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Martina McBride

Emotion – 1999 (RCA)

Reviewed by Jeffrey B. Remz

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CDs by Martina McBride

A few years ago, women were hailed as the next great thing of country with the Carpenters, Yearwoods and Hills leading the way in the heretofore male-dominated field.

Like their sisters of yesteryear who also morphed from a more straightahead country beat, they have opted for a far more glossy, pop sound with some country overtones. But Martina McBride's latest could just as easily fit a pop or adult contemporary format. McBride fell victim to this too as her career progressed upwards. The difference is that she puts her own tattoo on the song with her full-bodied voice. Co-producing, she doesn't always go over the top vocally. Far from it, helping create mood (or maybe just consult the album title) and variety.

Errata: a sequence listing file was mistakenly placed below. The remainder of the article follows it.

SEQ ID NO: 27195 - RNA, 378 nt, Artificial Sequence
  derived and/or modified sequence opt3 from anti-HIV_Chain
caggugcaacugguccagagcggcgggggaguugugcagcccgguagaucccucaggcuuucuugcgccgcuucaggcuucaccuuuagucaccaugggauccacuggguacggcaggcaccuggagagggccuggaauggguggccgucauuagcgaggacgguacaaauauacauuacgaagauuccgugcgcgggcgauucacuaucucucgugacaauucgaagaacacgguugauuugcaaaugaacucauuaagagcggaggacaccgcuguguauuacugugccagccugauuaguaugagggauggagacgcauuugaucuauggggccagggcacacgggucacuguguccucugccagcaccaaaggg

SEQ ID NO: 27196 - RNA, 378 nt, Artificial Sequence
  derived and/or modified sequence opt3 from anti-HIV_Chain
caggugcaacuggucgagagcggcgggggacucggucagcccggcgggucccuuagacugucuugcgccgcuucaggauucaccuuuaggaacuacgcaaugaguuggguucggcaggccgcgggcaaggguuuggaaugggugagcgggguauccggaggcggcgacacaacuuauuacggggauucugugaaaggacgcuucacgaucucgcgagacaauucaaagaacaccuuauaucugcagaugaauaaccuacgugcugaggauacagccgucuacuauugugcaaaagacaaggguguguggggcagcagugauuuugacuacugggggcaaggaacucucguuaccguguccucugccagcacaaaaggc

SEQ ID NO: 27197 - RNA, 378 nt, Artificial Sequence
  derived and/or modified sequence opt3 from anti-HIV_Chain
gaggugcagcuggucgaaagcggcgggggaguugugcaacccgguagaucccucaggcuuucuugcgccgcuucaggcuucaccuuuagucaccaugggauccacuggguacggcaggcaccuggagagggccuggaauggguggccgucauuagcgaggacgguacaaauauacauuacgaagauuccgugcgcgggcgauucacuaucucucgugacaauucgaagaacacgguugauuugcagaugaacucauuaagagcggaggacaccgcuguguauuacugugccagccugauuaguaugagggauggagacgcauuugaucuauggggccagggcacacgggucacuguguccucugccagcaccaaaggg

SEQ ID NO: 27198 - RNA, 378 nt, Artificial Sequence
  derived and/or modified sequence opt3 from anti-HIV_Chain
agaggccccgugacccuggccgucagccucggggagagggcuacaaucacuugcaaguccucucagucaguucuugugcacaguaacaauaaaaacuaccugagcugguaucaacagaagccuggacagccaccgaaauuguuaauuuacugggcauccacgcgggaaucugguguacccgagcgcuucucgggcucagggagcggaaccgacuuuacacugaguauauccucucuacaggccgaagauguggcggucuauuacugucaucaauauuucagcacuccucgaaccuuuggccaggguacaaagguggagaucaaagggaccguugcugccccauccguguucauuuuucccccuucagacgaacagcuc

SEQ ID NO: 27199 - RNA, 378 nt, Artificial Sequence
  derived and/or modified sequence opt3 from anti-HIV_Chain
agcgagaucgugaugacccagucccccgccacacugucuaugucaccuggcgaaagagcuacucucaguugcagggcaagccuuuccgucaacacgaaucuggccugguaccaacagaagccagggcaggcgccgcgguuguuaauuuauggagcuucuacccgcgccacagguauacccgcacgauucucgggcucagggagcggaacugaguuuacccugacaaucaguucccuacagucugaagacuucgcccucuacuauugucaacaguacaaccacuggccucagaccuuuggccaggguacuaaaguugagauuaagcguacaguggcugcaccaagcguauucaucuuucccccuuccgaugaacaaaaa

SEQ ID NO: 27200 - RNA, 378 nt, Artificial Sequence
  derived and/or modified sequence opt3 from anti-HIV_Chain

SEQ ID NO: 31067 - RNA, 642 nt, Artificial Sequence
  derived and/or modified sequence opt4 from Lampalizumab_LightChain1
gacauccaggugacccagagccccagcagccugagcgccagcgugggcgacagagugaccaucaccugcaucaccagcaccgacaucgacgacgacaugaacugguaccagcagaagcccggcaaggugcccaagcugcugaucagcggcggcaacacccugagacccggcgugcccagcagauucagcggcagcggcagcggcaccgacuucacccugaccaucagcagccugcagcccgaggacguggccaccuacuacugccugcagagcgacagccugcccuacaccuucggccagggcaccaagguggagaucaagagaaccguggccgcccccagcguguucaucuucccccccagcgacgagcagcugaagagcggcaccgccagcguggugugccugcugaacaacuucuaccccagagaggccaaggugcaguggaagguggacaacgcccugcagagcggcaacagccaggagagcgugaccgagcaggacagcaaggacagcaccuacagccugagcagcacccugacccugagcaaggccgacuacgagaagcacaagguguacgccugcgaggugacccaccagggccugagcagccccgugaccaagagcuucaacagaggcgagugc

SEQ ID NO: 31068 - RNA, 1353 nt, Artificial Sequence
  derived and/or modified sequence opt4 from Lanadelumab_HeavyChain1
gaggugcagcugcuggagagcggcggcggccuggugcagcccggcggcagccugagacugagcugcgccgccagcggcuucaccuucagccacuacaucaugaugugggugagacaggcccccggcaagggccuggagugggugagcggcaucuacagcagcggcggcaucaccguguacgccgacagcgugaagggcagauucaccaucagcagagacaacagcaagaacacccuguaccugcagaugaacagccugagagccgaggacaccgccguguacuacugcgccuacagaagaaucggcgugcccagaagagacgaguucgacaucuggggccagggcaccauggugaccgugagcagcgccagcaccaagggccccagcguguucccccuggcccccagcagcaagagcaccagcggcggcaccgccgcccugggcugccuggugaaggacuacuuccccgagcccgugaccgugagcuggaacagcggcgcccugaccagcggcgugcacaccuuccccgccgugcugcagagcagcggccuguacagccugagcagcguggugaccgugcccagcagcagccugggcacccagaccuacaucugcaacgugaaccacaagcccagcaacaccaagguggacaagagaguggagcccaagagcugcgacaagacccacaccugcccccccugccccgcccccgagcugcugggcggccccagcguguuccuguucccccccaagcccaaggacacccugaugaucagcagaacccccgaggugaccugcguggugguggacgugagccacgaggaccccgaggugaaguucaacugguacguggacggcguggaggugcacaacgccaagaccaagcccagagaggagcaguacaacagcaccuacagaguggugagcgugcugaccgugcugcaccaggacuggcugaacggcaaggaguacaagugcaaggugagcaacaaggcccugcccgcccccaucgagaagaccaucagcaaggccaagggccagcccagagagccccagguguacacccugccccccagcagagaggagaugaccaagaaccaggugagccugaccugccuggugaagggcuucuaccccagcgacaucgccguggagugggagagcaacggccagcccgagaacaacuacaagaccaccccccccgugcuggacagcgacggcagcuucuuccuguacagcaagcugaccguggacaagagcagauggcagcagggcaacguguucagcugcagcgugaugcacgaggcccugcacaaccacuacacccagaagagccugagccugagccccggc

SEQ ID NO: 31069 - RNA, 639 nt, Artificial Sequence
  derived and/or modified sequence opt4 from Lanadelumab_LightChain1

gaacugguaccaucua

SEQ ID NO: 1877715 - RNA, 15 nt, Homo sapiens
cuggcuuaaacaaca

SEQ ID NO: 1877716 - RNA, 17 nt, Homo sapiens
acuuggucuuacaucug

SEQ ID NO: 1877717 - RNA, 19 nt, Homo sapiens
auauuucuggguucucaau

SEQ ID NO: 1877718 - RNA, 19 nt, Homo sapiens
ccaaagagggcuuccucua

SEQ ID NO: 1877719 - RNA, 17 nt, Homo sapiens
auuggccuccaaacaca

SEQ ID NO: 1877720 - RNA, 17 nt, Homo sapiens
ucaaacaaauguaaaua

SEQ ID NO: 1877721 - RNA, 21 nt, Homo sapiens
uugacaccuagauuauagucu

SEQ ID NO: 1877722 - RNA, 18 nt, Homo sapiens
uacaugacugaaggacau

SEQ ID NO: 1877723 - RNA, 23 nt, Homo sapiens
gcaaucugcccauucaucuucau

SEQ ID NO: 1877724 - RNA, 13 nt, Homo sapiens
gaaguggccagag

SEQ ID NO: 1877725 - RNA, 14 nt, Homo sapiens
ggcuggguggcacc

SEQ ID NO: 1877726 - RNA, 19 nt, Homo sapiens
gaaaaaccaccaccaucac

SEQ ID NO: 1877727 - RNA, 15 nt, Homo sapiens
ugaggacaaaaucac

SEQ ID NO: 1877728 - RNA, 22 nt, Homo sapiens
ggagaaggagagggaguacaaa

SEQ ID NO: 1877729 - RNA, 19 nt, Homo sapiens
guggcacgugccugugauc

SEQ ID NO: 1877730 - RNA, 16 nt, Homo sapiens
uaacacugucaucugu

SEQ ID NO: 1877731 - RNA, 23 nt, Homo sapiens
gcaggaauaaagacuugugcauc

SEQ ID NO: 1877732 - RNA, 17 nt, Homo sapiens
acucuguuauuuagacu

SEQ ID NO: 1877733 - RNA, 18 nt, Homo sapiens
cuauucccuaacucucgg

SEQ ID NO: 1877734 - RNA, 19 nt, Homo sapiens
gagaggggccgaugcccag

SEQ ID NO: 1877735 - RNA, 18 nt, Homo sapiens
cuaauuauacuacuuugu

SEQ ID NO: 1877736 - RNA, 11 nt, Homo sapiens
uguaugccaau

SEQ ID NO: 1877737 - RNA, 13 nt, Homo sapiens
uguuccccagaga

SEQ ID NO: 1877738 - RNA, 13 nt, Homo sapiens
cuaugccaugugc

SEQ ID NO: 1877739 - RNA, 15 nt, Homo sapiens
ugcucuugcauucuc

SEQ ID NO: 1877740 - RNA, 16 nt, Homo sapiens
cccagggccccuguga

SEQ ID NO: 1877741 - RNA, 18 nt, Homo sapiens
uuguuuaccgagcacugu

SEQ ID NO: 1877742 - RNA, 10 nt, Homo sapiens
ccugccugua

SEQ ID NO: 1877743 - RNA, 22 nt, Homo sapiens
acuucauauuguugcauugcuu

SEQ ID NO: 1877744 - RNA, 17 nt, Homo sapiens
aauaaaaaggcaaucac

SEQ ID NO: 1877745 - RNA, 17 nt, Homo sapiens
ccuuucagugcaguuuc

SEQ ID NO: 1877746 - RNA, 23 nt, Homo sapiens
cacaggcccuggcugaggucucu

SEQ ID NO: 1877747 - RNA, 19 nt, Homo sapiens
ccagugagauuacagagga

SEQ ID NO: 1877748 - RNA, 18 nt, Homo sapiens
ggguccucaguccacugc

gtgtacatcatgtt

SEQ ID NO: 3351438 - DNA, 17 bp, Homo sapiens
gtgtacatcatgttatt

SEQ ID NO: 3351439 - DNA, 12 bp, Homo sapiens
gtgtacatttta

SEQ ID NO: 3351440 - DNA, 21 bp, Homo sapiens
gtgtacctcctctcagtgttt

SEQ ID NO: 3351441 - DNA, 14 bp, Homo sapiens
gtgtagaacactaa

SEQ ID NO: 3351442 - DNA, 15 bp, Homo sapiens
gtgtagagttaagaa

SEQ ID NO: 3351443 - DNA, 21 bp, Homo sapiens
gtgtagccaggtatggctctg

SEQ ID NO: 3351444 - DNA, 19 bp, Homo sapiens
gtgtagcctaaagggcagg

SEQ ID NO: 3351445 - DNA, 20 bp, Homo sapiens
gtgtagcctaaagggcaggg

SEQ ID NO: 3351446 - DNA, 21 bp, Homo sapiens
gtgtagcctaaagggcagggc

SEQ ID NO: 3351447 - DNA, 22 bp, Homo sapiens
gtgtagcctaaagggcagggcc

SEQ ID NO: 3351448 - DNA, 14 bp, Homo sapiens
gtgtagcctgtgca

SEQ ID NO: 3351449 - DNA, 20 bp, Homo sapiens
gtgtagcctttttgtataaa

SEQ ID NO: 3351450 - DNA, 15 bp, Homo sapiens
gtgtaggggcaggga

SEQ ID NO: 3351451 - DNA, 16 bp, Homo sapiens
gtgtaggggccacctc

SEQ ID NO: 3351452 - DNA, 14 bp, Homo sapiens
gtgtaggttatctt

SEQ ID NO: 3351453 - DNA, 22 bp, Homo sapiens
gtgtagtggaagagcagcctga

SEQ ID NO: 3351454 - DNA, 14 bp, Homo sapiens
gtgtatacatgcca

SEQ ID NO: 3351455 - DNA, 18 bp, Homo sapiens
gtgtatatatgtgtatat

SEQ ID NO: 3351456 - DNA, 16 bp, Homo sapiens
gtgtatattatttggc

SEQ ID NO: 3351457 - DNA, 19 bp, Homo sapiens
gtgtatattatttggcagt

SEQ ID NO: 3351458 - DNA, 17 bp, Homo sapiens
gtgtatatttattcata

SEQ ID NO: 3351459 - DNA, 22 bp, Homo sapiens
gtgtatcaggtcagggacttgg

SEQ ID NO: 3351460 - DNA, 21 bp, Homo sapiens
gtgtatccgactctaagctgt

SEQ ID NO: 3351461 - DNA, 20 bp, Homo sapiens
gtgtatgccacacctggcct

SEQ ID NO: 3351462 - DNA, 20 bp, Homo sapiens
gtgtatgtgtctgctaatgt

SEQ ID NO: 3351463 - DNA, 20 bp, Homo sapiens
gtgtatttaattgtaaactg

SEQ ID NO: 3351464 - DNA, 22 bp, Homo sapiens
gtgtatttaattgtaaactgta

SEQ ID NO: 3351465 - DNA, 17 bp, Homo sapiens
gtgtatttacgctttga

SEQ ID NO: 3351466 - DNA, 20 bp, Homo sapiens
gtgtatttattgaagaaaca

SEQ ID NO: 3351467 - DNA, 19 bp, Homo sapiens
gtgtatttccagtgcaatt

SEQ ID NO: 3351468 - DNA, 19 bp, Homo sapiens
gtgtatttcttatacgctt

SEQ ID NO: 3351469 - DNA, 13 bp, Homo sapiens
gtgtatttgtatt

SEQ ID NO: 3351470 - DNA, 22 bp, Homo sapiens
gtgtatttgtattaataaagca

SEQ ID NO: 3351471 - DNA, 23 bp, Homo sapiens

McBride fell victim to this too as her career progressed upwards. The difference is that she puts her own tattoo on the song with her full-bodied voice. Co-producing, she doesn't always go over the top vocally. Far from it, helping create mood (or maybe just consult the album title) and variety. In fact, she takes chances. The closing "The Uncivil War," penned by Gretchen Peters of "Independence Day" fame, about family turmoil closes with a penny whistle. The catchy hit "I Love You" veers decidedly towards McBride's pop leanings, almost entirely divorced from country. A chunk of the album falls in the same category. What doesn't are the lyrics. McBride adopts the woman as strong person persona in several songs. "Love's the Only House" confronts social and economic issues.

While one would hope for a more distinctive country sound, McBride's brand of pop country at least has some meat.